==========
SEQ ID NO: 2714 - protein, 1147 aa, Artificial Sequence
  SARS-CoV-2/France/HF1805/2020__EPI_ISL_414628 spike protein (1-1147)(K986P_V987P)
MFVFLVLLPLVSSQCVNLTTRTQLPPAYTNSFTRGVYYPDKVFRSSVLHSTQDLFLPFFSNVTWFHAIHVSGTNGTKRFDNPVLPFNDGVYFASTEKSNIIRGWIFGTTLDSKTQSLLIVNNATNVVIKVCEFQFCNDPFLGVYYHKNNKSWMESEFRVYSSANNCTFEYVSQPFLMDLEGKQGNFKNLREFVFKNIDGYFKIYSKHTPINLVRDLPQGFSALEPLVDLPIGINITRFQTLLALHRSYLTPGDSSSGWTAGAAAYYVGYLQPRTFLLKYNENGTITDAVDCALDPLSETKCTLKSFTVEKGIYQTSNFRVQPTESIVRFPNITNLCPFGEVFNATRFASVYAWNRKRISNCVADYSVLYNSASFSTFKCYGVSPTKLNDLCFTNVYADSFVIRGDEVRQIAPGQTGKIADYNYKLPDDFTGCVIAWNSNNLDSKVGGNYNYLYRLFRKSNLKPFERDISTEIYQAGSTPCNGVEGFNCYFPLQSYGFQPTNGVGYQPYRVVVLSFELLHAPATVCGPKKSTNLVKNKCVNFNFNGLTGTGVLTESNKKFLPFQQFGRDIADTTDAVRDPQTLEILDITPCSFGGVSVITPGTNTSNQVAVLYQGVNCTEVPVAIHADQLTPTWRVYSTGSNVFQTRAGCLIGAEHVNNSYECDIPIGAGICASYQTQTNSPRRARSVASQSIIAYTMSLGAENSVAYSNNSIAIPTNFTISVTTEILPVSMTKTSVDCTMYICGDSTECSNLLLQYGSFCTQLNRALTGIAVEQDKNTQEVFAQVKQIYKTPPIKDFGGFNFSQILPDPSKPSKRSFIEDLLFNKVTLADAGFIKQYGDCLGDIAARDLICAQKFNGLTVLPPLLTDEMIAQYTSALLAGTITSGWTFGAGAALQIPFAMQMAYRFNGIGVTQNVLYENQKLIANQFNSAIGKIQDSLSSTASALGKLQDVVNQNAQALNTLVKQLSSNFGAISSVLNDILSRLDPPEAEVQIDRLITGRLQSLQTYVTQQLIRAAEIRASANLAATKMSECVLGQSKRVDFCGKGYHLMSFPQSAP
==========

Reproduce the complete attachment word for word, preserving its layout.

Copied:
SEQ ID NO: 2714 - protein, 1147 aa, Artificial Sequence
  SARS-CoV-2/France/HF1805/2020__EPI_ISL_414628 spike protein (1-1147)(K986P_V987P)
MFVFLVLLPLVSSQCVNLTTRTQLPPAYTNSFTRGVYYPDKVFRSSVLHSTQDLFLPFFSNVTWFHAIHVSGTNGTKRFDNPVLPFNDGVYFASTEKSNIIRGWIFGTTLDSKTQSLLIVNNATNVVIKVCEFQFCNDPFLGVYYHKNNKSWMESEFRVYSSANNCTFEYVSQPFLMDLEGKQGNFKNLREFVFKNIDGYFKIYSKHTPINLVRDLPQGFSALEPLVDLPIGINITRFQTLLALHRSYLTPGDSSSGWTAGAAAYYVGYLQPRTFLLKYNENGTITDAVDCALDPLSETKCTLKSFTVEKGIYQTSNFRVQPTESIVRFPNITNLCPFGEVFNATRFASVYAWNRKRISNCVADYSVLYNSASFSTFKCYGVSPTKLNDLCFTNVYADSFVIRGDEVRQIAPGQTGKIADYNYKLPDDFTGCVIAWNSNNLDSKVGGNYNYLYRLFRKSNLKPFERDISTEIYQAGSTPCNGVEGFNCYFPLQSYGFQPTNGVGYQPYRVVVLSFELLHAPATVCGPKKSTNLVKNKCVNFNFNGLTGTGVLTESNKKFLPFQQFGRDIADTTDAVRDPQTLEILDITPCSFGGVSVITPGTNTSNQVAVLYQGVNCTEVPVAIHADQLTPTWRVYSTGSNVFQTRAGCLIGAEHVNNSYECDIPIGAGICASYQTQTNSPRRARSVASQSIIAYTMSLGAENSVAYSNNSIAIPTNFTISVTTEILPVSMTKTSVDCTMYICGDSTECSNLLLQYGSFCTQLNRALTGIAVEQDKNTQEVFAQVKQIYKTPPIKDFGGFNFSQILPDPSKPSKRSFIEDLLFNKVTLADAGFIKQYGDCLGDIAARDLICAQKFNGLTVLPPLLTDEMIAQYTSALLAGTITSGWTFGAGAALQIPFAMQMAYRFNGIGVTQNVLYENQKLIANQFNSAIGKIQDSLSSTASALGKLQDVVNQNAQALNTLVKQLSSNFGAISSVLNDILSRLDPPEAEVQIDRLITGRLQSLQTYVTQQLIRAAEIRASANLAATKMSECVLGQSKRVDFCGKGYHLMSFPQSAP